Arrey History, Family Crest & Coats of Arms
Arrey is a name that first reached England following the Norman Conquest of 1066. The Arrey family lived in the Castle of Airey, or Arey in Normandy. The earliest record of the name was in 1198 of Goisbert de Arreio in Normandy. In England, the family settled mostly in the counties of Cumberland and Westmorland (now part of Cumbria) having derived from the word eyrara which means gravel-banked stream. 
Another source notes "this Cumberland family consider the name to have been borrowed from some elevated dwelling among the mountains called an Eyrie, such designations for residences not being uncommon." 
Early Origins of the Arrey family
The surname Arrey was first found in the northern English counties of Cumberland and Westmorland where they held a family seat from very ancient times, probably long before the Norman Conquest of England by the Duke of Normandy in 1066 A.D.
Early records for the family are very scarce. The only entry we found was of Robert de Hayra who was listed in 1301 as holding lands in Lancashire at that time. 
Christopher Airay (1601-1670), the pioneer of English logic and Henry Airay (c. 1560-1616), the Puritan divine and author both hail from Westmorland. 
Early History of the Arrey family
This web page shows only a small excerpt of our Arrey research. Another 110 words (8 lines of text) covering the years 1301, 1332, 1611, 1833, 1911, 1600 and 1655 are included under the topic Early Arrey History in all our PDF Extended History products and printed products wherever possible.
Arrey Spelling Variations
It is only in the last few hundred years that the English language has been standardized. For that reason, Anglo-Norman surnames like Arrey are characterized by many spelling variations. Scribes and monks in the Middle Ages spelled names they sounded, so it is common to find several variations that refer to a single person. As the English language changed and incorporated elements of other European languages such as Norman French and Latin, even literate people regularly changed the spelling of their names. The variations of the name Arrey include Airey, Airy, Airie, Arey, Array, Aireys, Aries, Areys and many more.
Early Notables of the Arrey family (pre 1700)
Another 47 words (3 lines of text) are included under the topic Early Arrey Notables in all our PDF Extended History products and printed products wherever possible.
Migration of the Arrey family to Ireland
Some of the Arrey family moved to Ireland, but this topic is not covered in this excerpt. More information about their life in Ireland is included in all our PDF Extended History products and printed products wherever possible.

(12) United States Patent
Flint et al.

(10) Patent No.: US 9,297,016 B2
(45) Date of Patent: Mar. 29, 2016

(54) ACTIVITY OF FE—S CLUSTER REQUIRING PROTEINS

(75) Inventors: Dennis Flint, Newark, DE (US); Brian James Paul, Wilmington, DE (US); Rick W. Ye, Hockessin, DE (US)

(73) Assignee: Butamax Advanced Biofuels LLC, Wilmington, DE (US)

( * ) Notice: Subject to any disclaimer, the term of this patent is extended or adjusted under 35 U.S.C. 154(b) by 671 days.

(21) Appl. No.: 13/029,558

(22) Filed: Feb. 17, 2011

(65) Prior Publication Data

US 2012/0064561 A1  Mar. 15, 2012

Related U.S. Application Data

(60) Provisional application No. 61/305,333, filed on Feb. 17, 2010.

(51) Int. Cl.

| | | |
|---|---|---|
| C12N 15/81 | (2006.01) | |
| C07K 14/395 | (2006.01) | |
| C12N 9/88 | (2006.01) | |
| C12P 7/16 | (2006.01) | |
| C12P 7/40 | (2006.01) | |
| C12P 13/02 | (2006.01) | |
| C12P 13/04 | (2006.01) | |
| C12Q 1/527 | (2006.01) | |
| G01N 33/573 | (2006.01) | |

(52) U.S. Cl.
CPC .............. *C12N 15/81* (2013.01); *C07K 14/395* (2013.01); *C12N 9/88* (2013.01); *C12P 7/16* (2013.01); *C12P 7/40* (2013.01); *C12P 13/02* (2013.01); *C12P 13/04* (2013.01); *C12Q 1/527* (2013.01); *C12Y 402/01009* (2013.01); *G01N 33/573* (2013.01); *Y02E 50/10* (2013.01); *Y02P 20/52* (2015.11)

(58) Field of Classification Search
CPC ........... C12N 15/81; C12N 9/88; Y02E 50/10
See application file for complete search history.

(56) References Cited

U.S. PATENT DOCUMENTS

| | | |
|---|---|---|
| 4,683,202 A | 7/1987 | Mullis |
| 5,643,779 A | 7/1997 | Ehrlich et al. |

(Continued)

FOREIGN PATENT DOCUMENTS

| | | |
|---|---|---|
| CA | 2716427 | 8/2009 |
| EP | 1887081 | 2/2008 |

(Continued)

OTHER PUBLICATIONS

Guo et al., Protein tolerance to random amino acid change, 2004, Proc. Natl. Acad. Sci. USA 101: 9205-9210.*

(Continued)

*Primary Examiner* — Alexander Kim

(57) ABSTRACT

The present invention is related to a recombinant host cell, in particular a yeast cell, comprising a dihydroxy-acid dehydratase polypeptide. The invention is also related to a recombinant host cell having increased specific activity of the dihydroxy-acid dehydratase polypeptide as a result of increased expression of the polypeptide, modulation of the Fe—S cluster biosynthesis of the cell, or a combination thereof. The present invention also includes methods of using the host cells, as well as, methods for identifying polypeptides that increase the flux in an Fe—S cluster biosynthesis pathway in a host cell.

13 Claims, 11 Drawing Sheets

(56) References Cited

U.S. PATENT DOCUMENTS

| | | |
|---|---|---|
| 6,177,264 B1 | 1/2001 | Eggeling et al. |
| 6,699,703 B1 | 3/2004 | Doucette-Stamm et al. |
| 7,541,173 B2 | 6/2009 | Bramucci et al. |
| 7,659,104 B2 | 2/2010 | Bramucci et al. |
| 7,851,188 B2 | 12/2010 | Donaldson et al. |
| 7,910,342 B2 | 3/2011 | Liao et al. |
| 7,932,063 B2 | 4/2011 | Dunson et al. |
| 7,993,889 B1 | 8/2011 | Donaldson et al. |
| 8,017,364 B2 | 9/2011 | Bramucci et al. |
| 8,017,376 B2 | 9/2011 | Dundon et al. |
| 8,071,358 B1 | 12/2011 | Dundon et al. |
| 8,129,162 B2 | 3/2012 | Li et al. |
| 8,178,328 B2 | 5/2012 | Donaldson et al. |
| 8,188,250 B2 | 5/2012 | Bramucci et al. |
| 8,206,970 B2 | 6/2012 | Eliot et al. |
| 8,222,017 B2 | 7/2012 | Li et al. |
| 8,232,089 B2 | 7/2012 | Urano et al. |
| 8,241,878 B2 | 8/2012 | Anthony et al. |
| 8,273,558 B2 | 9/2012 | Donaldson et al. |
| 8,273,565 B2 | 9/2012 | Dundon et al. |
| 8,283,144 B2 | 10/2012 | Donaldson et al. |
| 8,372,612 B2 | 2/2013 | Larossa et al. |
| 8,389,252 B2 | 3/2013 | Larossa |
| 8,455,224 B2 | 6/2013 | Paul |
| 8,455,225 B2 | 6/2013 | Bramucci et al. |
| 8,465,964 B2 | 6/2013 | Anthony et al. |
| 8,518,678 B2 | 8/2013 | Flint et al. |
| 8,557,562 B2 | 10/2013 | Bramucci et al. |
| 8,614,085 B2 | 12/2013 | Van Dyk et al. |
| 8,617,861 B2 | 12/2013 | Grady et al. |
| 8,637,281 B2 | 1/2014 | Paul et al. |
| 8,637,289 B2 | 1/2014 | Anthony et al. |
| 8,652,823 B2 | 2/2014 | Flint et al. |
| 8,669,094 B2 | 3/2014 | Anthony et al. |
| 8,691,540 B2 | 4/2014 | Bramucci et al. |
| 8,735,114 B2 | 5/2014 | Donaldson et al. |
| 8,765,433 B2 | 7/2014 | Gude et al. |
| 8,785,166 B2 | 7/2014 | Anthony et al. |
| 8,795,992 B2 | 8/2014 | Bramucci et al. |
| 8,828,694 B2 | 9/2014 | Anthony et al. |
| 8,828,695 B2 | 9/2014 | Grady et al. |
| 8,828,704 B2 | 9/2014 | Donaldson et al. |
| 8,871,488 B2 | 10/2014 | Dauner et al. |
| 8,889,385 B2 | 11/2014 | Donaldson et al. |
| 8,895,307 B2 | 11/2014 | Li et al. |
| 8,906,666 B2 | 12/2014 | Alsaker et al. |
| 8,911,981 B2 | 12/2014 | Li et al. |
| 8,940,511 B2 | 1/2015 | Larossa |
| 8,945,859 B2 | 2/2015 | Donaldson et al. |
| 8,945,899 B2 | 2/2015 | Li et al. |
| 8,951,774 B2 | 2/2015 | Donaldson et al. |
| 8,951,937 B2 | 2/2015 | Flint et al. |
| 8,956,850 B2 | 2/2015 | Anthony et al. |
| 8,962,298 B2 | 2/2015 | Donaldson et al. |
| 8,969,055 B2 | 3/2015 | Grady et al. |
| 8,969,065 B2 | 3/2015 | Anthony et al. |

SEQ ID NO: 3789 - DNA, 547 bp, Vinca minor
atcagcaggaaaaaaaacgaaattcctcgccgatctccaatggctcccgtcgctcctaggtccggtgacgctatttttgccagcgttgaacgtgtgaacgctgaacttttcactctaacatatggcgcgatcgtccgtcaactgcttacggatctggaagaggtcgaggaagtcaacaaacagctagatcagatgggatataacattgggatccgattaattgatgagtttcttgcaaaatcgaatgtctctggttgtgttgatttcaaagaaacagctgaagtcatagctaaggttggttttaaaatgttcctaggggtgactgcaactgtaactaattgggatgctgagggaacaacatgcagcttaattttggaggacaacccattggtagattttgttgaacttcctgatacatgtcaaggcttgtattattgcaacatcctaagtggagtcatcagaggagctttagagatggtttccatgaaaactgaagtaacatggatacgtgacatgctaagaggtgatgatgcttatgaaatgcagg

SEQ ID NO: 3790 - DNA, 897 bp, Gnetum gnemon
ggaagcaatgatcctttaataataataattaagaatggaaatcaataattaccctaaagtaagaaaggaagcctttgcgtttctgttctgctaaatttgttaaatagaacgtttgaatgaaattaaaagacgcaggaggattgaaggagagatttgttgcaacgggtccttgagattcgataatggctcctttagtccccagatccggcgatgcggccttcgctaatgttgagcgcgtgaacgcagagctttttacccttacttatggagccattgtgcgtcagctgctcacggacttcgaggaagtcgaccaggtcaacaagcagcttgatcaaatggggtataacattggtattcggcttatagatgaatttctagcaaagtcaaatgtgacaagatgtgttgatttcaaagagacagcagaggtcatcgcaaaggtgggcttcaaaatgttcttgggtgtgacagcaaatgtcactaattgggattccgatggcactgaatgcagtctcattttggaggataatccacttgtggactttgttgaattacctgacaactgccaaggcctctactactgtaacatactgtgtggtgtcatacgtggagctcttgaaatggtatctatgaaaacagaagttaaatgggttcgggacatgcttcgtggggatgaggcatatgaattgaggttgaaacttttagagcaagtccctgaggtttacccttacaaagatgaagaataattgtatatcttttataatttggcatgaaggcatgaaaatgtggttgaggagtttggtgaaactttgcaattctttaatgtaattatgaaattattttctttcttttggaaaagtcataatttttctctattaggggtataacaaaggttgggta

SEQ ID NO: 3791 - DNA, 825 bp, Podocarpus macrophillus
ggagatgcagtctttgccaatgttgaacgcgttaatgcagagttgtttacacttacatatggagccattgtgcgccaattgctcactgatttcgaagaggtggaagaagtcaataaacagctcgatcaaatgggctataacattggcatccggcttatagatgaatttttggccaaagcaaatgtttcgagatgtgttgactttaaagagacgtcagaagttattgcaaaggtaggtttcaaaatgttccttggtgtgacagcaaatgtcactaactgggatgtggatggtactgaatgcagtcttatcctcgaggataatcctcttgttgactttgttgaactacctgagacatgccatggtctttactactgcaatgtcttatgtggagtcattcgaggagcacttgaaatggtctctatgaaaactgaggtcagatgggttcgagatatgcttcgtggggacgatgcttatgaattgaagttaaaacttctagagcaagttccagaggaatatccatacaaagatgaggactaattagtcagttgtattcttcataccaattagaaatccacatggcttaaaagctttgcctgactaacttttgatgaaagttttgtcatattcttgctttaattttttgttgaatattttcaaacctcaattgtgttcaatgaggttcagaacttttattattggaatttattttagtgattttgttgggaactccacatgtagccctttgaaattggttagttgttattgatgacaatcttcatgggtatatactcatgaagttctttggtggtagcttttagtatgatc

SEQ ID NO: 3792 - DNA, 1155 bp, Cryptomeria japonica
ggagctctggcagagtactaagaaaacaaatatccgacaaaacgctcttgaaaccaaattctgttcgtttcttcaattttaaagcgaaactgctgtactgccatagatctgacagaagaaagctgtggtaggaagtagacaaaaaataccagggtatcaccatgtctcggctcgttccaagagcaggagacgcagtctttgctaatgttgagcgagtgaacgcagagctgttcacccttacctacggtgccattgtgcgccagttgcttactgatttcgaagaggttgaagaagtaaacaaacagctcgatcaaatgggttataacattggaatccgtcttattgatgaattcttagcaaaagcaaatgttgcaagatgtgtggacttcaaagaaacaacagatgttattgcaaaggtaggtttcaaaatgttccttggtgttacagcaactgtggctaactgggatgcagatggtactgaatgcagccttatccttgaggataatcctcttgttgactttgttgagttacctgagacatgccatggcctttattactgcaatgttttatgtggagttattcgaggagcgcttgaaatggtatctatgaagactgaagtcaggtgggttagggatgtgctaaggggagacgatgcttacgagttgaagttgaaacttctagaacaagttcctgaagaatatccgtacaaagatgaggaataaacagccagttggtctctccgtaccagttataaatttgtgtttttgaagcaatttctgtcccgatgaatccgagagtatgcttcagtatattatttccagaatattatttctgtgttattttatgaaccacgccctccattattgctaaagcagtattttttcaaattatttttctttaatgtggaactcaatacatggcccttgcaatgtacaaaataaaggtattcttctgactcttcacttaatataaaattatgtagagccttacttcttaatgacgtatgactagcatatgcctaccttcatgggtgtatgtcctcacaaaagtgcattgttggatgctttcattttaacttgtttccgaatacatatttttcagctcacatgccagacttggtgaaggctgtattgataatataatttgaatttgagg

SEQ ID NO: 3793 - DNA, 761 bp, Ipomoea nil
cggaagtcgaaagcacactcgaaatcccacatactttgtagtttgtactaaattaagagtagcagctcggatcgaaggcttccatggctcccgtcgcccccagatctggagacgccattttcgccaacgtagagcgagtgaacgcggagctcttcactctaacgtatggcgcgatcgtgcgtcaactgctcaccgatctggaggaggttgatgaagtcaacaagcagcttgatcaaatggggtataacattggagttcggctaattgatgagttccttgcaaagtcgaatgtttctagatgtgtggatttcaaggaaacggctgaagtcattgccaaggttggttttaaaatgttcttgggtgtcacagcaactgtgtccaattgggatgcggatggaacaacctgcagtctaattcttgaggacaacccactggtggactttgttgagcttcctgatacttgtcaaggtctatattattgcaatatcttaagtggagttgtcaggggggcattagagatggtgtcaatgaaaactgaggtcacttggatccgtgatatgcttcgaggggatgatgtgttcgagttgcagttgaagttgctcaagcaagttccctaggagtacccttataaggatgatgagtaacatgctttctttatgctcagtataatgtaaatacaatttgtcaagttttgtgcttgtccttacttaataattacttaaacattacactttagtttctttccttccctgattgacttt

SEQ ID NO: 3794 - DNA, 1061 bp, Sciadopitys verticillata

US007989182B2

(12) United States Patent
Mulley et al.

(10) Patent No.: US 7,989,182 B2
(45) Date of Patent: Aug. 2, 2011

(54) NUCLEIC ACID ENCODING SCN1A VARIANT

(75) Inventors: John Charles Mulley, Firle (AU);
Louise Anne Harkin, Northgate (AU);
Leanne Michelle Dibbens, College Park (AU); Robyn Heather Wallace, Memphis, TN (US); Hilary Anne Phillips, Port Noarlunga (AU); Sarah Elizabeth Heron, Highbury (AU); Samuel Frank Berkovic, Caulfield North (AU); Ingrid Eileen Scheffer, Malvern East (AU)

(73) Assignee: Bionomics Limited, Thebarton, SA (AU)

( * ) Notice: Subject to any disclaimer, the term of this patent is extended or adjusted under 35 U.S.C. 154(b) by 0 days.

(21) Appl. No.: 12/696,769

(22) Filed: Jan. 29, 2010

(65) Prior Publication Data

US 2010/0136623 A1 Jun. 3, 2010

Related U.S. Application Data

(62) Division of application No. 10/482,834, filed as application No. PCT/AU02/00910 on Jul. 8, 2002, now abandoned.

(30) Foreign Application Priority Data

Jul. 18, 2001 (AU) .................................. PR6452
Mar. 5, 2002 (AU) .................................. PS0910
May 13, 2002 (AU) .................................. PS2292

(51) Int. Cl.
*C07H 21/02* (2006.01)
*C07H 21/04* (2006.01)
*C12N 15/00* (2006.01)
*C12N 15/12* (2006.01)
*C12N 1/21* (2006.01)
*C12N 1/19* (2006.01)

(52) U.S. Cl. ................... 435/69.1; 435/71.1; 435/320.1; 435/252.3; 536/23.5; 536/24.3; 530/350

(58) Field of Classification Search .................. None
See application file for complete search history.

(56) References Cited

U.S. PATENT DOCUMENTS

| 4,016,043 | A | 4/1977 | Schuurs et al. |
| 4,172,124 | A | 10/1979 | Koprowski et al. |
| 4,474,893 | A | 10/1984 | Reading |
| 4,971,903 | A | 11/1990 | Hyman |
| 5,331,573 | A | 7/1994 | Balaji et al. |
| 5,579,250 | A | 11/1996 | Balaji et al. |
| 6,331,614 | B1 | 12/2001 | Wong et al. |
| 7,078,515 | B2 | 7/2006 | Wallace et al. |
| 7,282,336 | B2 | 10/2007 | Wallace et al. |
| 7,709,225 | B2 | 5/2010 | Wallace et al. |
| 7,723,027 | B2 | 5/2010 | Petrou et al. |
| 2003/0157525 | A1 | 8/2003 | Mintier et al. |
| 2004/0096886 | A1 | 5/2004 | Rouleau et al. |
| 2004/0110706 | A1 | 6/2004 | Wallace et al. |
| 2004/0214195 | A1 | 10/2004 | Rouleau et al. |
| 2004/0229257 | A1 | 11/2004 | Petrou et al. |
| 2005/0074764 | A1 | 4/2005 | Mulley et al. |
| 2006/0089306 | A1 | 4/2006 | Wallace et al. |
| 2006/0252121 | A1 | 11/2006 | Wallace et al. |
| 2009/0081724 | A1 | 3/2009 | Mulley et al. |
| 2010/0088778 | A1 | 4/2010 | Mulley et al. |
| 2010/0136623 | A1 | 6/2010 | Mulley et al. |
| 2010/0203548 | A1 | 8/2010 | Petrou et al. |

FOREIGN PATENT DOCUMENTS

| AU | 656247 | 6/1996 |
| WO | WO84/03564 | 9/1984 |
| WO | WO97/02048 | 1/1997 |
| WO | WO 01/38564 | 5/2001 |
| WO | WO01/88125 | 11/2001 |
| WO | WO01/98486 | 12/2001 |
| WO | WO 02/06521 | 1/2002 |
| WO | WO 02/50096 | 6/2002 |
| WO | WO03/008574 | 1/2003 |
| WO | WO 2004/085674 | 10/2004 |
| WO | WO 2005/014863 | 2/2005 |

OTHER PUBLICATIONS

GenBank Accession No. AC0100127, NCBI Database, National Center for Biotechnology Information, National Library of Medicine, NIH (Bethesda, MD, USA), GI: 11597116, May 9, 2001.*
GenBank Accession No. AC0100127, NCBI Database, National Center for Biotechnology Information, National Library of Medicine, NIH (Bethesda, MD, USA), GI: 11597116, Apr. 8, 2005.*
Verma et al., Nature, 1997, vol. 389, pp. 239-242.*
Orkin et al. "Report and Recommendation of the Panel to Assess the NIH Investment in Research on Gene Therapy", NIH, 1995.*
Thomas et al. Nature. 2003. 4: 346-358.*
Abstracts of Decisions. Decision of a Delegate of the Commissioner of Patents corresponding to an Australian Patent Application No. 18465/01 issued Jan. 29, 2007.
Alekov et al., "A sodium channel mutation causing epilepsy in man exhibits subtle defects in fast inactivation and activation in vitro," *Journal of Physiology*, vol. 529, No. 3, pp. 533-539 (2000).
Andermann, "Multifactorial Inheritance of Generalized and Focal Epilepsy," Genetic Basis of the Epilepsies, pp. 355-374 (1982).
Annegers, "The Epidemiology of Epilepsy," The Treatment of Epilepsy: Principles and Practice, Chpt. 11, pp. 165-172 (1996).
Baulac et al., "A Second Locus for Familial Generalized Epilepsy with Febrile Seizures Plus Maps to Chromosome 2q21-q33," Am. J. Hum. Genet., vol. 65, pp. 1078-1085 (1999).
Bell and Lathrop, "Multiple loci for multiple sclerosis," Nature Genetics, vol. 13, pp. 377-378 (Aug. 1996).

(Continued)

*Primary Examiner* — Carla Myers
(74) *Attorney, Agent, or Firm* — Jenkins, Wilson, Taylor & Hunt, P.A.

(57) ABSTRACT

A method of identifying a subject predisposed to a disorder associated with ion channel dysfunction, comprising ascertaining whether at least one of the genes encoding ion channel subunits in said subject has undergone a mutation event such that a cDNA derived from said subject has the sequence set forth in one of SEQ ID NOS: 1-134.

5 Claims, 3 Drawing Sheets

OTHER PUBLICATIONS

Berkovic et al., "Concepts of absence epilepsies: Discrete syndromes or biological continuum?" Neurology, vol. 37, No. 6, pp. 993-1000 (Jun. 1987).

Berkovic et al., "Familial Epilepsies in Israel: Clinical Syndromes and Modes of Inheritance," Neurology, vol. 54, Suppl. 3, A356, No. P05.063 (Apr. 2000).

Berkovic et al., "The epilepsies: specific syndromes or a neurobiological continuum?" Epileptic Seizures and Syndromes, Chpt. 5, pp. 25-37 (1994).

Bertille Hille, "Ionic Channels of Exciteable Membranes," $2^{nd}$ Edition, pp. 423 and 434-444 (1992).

Arrey migration to the United States +
Faced with the chaos present in England at that time, many English families looked towards the open frontiers of the New World with its opportunities to escape oppression and starvation. People migrated to North America, as well as Australia and Ireland in droves, paying exorbitant rates for passages in cramped, unsafe ships. Many of the settlers did not make the long passage alive, but those who did see the shores of North America were welcomed with great opportunity. Many of the families that came from England went on to make essential contributions to the emerging nations of Canada and the United States. Some of the first immigrants to cross the Atlantic and come to North America carried the name Arrey, or a variant listed above:
Arrey Settlers in United States in the 20th Century
- Philip Arrey, aged 29, arrived in New York in 1922 aboard the ship "Baltic" from Liverpool, England 
Related Stories +
The Arrey Motto +
The motto was originally a war cry or slogan. Mottoes first began to be shown with arms in the 14th and 15th centuries, but were not in general use until the 17th century. Thus the oldest coats of arms generally do not include a motto. Mottoes seldom form part of the grant of arms: Under most heraldic authorities, a motto is an optional component of the coat of arms, and can be added to or changed at will; many families have chosen not to display a motto.
Motto: Je le tiendrai
Motto Translation: I will possess.
- ^ Hanks, Patricia and Flavia Hodges, A Dictionary of Surnames. Oxford: Oxford University Press, 1988. Print. (ISBN 0-19-211592-8)
- ^ Lowe, Mark Anthony, Patronymica Britannica, A Dictionary of Family Names of the United Kingdom. London: John Russel Smith, 1860. Print.
- ^ Reaney, P.H and R.M. Wilson, A Dictionary of English Surnames. London: Routledge, 1991. Print. (ISBN 0-415-05737-X)
- ^ Bardsley, C.W, A Dictionary of English and Welsh Surnames: With Special American Instances. Wiltshire: Heraldry Today, 1901. Print. (ISBN 0-900455-44-6)
- ^ "New York Passenger Arrival Lists (Ellis Island), 1892-1924," database, FamilySearch (https://familysearch.org/ark:/61903/1:1:JNKT-7NY : 6 December 2014), Philip Arrey, 08 May 1922; citing departure port Liverpool, arrival port New York, ship name Baltic, NARA microfilm publication T715 and M237 (Washington D.C.: National Archives and Records Administration, n.d.).